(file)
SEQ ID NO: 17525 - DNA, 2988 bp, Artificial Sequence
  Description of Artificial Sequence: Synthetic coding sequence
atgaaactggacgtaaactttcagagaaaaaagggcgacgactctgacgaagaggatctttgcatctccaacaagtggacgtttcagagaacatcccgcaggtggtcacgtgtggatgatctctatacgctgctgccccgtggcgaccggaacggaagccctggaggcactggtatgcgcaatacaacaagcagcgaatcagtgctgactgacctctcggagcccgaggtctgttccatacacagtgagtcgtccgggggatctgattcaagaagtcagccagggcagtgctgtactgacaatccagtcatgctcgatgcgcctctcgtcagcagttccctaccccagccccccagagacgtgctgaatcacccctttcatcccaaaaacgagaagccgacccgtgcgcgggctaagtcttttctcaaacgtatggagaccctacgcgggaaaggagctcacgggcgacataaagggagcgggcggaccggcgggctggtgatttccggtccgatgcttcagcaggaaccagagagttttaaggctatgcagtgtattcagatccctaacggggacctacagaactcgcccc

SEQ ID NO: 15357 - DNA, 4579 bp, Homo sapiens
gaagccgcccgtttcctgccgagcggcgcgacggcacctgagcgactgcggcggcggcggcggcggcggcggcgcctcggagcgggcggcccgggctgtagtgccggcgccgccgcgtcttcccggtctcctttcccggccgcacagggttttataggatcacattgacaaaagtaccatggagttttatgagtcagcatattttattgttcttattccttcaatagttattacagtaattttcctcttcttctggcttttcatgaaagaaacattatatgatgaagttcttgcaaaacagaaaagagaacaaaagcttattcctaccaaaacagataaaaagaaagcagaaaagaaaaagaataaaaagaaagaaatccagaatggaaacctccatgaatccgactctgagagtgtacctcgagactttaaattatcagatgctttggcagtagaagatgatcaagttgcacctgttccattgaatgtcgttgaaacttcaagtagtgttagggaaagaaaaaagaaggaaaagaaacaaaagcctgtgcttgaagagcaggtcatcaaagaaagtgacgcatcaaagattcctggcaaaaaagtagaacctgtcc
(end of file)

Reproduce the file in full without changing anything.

SEQ ID NO: 17525 - DNA, 2988 bp, Artificial Sequence
  Description of Artificial Sequence: Synthetic coding sequence
atgaaactggacgtaaactttcagagaaaaaagggcgacgactctgacgaagaggatctttgcatctccaacaagtggacgtttcagagaacatcccgcaggtggtcacgtgtggatgatctctatacgctgctgccccgtggcgaccggaacggaagccctggaggcactggtatgcgcaatacaacaagcagcgaatcagtgctgactgacctctcggagcccgaggtctgttccatacacagtgagtcgtccgggggatctgattcaagaagtcagccagggcagtgctgtactgacaatccagtcatgctcgatgcgcctctcgtcagcagttccctaccccagccccccagagacgtgctgaatcacccctttcatcccaaaaacgagaagccgacccgtgcgcgggctaagtcttttctcaaacgtatggagaccctacgcgggaaaggagctcacgggcgacataaagggagcgggcggaccggcgggctggtgatttccggtccgatgcttcagcaggaaccagagagttttaaggctatgcagtgtattcagatccctaacggggacctacagaactcgcccc

SEQ ID NO: 15357 - DNA, 4579 bp, Homo sapiens
gaagccgcccgtttcctgccgagcggcgcgacggcacctgagcgactgcggcggcggcggcggcggcggcggcgcctcggagcgggcggcccgggctgtagtgccggcgccgccgcgtcttcccggtctcctttcccggccgcacagggttttataggatcacattgacaaaagtaccatggagttttatgagtcagcatattttattgttcttattccttcaatagttattacagtaattttcctcttcttctggcttttcatgaaagaaacattatatgatgaagttcttgcaaaacagaaaagagaacaaaagcttattcctaccaaaacagataaaaagaaagcagaaaagaaaaagaataaaaagaaagaaatccagaatggaaacctccatgaatccgactctgagagtgtacctcgagactttaaattatcagatgctttggcagtagaagatgatcaagttgcacctgttccattgaatgtcgttgaaacttcaagtagtgttagggaaagaaaaaagaaggaaaagaaacaaaagcctgtgcttgaagagcaggtcatcaaagaaagtgacgcatcaaagattcctggcaaaaaagtagaacctgtcc